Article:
Three Women, Two Men and Ruby the Dog.

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Peter wears sturdy boots with his trousers sensibly tucked into long woollen socks, Kath sports a racy Panama hat with a black band, and I have a rose pullover.

Along Amroth’s shingle beach, formerly occupied by Victorian houses but long since washed away, we looked out over the flat sand that reached around the frozen lava flows to Wiseman’s Bridge a mile or so away.

Behind us stands the New Inn, a farmhouse with a four hundred year history and now a smart pub, modern and gleaming white in the sunshine. Next to us is the marker post marking the start of the Pembrokeshire Coastal Path, opened in 1970 by the friendly Welsh broadcaster and Oxford history graduate, Wynford Vaughan Thomas. It tells us Poppit Sands are 180 miles away.

Fine weather, low tide, and a lively brown dog encourage us to walk this first stage of the coastal path to Tenby, 7½ miles away.

Three men boated down the Thames. Jerome K Jerome wrote so eloquently about their adventures that they entertained the British public for many years. The modest aim of this blog is to recapture in some small measure the fun of a journey across fields and woods and along ways marked by an acorn etched into posts at regular intervals with the sea an eternal companion on our left hand side.

The walk across the wet flat sands to Wiseman’s Bridge is easy going. At Wiseman’s Bridge, we tramp through three dripping, narrow tunnels built over a century ago so horses could drag iron ore on the tramway to Kilgetty Iron Works from Saundersfoot harbour and finished iron products in the opposite direction. On exiting the third tunnel through a shower of water, we are in Saundersfoot, a gaily painted town with a holiday feel even in March. We lunch at the Shoreline Cafe looking directly over a wide expanse of golden sand. My eyes stare at the restlessly breaking waves on the stubborn beach which loses, and will later win, in its perpetual fight with the tide. Small children are already building sand castles only knock them down later in an echo of the sand’s life with the sea.

Our group consists of three women of a certain age and two OAP men. Sian recovering from a hip replacement walks slowly aided by two walking poles, Marjorie in her three-quarter length trousers and lightweight walking boots tackles everything with a deceptive ease, while Kath sports a racy Panama hat with a black band. Peter wears sturdy boots with his trousers sensibly tucked into long woollen socks, and I have a rose pullover. Ruby loves running free back and forth. She scurries along the path, her bountiful energy seemingly inexhaustible. She makes me feel tired and slow as we start the first climb up the wooded hills past the best hotel in Saundersfoot, the St. Brides.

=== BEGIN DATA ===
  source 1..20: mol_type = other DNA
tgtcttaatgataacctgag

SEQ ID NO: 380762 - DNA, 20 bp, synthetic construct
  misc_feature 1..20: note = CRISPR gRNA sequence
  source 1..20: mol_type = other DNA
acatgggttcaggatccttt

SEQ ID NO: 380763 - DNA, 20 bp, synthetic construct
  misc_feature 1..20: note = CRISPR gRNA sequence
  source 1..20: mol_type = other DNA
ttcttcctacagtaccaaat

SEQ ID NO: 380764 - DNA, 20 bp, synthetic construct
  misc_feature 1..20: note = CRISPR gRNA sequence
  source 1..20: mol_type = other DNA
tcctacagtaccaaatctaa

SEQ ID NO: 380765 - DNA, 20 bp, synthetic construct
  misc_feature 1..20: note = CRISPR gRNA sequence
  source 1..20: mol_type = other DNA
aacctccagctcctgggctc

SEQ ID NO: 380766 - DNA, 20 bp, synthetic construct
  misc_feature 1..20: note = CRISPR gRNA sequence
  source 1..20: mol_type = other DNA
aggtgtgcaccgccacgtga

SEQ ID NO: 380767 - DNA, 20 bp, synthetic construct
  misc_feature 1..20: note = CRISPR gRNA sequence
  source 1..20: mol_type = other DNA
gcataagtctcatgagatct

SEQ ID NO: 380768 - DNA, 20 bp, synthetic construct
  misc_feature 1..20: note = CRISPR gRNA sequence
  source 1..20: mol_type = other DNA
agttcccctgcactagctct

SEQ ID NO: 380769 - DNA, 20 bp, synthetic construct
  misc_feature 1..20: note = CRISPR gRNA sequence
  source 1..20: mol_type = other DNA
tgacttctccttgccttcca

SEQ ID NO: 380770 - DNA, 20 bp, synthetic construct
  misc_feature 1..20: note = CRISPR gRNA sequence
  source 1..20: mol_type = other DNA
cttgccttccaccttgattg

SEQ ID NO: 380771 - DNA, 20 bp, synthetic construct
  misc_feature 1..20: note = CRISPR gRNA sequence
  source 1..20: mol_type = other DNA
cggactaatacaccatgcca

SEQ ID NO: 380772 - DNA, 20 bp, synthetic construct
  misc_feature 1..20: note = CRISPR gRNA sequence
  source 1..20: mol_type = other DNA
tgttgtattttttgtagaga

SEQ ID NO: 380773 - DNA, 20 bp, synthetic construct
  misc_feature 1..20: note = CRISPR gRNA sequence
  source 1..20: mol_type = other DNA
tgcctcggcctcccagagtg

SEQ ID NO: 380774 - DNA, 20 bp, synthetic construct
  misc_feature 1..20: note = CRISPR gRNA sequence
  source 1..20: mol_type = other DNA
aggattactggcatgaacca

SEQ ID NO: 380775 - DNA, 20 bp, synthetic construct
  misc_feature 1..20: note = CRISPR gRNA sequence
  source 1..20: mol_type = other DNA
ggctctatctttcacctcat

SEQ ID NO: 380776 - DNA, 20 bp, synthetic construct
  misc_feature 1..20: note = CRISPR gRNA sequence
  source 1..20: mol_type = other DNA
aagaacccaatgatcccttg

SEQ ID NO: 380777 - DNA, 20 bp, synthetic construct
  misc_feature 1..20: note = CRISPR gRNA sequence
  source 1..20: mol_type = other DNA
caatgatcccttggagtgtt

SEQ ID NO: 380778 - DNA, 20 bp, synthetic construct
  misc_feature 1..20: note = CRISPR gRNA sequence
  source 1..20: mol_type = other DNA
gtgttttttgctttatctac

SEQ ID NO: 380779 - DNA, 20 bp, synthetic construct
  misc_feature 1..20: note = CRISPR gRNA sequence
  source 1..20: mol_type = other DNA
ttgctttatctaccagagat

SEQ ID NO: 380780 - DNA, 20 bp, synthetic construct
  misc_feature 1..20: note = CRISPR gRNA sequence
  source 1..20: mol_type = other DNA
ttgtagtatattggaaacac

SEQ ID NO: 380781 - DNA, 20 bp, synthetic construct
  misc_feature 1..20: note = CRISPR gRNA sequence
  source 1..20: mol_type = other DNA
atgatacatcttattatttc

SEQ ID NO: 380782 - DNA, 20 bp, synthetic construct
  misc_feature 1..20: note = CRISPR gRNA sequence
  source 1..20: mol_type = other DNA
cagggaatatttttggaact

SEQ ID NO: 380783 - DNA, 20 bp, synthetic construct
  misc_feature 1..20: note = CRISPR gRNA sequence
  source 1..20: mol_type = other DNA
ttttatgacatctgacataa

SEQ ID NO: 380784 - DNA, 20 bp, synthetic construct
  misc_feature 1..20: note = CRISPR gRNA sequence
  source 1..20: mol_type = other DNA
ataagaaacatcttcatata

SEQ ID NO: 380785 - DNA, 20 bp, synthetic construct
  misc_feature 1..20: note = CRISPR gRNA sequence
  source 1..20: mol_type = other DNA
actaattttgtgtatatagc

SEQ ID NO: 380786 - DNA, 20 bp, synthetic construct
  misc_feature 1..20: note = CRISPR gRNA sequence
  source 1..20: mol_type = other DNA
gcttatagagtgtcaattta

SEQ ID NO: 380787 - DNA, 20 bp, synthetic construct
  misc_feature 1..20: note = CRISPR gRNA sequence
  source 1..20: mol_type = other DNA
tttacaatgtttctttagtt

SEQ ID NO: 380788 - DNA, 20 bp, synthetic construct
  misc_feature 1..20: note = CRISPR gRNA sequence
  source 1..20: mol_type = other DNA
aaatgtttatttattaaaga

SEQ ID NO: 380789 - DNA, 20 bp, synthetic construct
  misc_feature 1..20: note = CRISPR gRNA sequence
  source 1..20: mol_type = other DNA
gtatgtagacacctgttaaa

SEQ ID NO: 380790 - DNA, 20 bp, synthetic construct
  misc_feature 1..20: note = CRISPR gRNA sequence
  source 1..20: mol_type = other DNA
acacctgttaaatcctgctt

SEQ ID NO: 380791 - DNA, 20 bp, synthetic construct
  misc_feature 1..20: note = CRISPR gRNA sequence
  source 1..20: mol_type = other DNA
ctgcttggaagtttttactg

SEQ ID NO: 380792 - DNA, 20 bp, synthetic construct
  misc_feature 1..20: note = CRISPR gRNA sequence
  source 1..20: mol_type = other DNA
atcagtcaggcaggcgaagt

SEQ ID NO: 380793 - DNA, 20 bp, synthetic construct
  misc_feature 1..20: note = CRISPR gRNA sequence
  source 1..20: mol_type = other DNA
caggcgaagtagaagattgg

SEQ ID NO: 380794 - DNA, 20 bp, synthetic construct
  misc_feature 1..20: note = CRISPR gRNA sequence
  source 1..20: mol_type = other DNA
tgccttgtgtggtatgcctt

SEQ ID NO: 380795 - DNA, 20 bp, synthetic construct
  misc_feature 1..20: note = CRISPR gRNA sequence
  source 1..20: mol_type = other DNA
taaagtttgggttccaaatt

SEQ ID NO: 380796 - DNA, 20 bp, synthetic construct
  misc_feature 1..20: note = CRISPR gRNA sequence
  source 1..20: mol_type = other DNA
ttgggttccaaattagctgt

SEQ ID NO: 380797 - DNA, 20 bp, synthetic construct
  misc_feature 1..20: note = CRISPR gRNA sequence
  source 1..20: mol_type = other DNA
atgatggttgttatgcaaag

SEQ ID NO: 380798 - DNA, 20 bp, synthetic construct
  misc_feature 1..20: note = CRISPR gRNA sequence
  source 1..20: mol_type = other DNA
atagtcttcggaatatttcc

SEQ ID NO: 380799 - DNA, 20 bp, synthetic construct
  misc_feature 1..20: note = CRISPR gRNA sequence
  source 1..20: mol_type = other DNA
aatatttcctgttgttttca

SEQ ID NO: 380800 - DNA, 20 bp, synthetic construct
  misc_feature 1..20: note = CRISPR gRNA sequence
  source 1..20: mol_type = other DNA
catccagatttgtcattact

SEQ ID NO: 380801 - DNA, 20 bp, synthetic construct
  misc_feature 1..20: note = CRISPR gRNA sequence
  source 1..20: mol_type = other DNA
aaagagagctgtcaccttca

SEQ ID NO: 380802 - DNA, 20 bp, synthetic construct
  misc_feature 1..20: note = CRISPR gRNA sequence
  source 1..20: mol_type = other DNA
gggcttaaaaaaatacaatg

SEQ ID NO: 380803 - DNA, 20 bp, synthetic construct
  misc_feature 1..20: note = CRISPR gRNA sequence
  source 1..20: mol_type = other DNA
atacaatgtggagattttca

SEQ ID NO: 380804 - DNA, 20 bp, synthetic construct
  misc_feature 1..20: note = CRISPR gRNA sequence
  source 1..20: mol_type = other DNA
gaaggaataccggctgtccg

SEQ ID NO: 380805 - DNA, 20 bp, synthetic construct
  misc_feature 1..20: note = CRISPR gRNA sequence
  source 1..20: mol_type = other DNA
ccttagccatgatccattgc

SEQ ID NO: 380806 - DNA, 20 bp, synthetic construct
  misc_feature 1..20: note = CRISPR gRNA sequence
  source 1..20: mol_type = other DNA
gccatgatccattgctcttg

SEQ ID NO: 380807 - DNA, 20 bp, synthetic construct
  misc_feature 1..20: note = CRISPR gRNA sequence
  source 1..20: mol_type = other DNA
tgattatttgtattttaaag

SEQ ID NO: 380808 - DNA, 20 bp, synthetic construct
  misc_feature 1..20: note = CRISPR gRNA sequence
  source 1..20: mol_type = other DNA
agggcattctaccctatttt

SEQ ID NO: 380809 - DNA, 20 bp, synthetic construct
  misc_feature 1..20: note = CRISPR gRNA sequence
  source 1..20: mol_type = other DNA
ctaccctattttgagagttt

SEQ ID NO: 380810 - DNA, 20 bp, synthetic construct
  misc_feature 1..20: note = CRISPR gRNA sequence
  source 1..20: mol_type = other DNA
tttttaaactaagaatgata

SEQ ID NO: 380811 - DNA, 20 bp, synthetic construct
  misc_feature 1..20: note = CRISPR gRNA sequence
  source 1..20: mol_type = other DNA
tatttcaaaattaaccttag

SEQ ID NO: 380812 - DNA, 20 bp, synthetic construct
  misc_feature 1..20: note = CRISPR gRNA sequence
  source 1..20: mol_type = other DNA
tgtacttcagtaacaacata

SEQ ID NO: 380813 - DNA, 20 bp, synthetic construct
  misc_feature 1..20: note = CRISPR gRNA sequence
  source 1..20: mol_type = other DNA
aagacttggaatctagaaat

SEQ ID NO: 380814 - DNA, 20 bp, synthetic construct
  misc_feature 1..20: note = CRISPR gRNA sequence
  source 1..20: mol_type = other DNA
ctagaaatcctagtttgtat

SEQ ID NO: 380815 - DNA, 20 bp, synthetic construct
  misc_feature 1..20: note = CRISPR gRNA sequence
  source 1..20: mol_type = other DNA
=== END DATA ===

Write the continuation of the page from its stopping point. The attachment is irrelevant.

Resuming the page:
The section to Tenby is four or so miles and after a mile and a half, we catch a glimpse of St Mary’s Church spire in the haze which has descended to blur the distant views. But Tenby doesn’t yield without a fight. It throws hills before us up which we trudge. Slate edged steps help on the steepest sections. Elsewhere we climb up the dry path step by step and all the while below us through the leafless trees the glistening polyphloesboean sea restlessly attacks the beach.

Up and down twice and we reach Allen’s View on a woodland hilltop on the last hill-crest before Tenby. Miss Jessie Allen, an Edwardian spinster, an ex-teacher and a polymath, was interested in all things Greek and an enthusiastic gardener. I imagine her teaching her upper class girls in dark blue gymslips at Cheltenham College. In Greek lessons, she would recall the gallant exploits of Xenophon and use Homeric words like polyphloesboean and wine-dark as she recounted him marching his army to the Euxine Sea to cries of thalassa, thalassa. And did she like Miss Jean Brodie sleep with the singing teacher or the artistic director of the local theatre? Did she dream of this when on retirement she built an open-air theatre constructed on the cliff overlooking Tenby to stage dramatic productions?

On her death, she gifted the gardens to the Friends of Tenby. On top of a waist high moment sits a plaque which aligns the view to Worms Head in the east around to Tenby, across the Bristol Channel to Ilfracombe 42 miles away, finally to Penally in the west. But today fifty years after its construction, mature trees obscure all views!

Excitement! The familiar red air-ambulance circled overhead. ‘It’s coming into land,’ said Sian an ex-nurse. It landed in the field next to us. At the bottom of the field stand two ambulances. Soon, a bearded doctor in red overalls jogged down the hill to the large ambulance outside the farm house. Then came a second paramedic carrying a large plastic bag of plasma in each hand. However, they revealed nothing more and after a while, we walked down the road to the North Beach car park and the end of our journey.

Part one of a multi-part story is complete. Three women and two men are dog-tired. Even Ruby is man-tired and we all slump into the comfortable car seats happy with our day’s work.

4 thoughts on “Three Women, Two Men and Ruby the Dog.”

  1. Thanks for your mention of Allens View. You missed the view north to Monkstone Point and beyond, amd the southern view is not all gone, eastern Tenby, Penally, Giltar Point and the Ridgeway are all still visible. Sadly the Air Ambulance helicopter that excited you was attending a heart attack victim who couldnt be revived- I was working in Allens View at the time. Shame you didnt stop for a chat. Harry Gardiner Tenby Civic Society.

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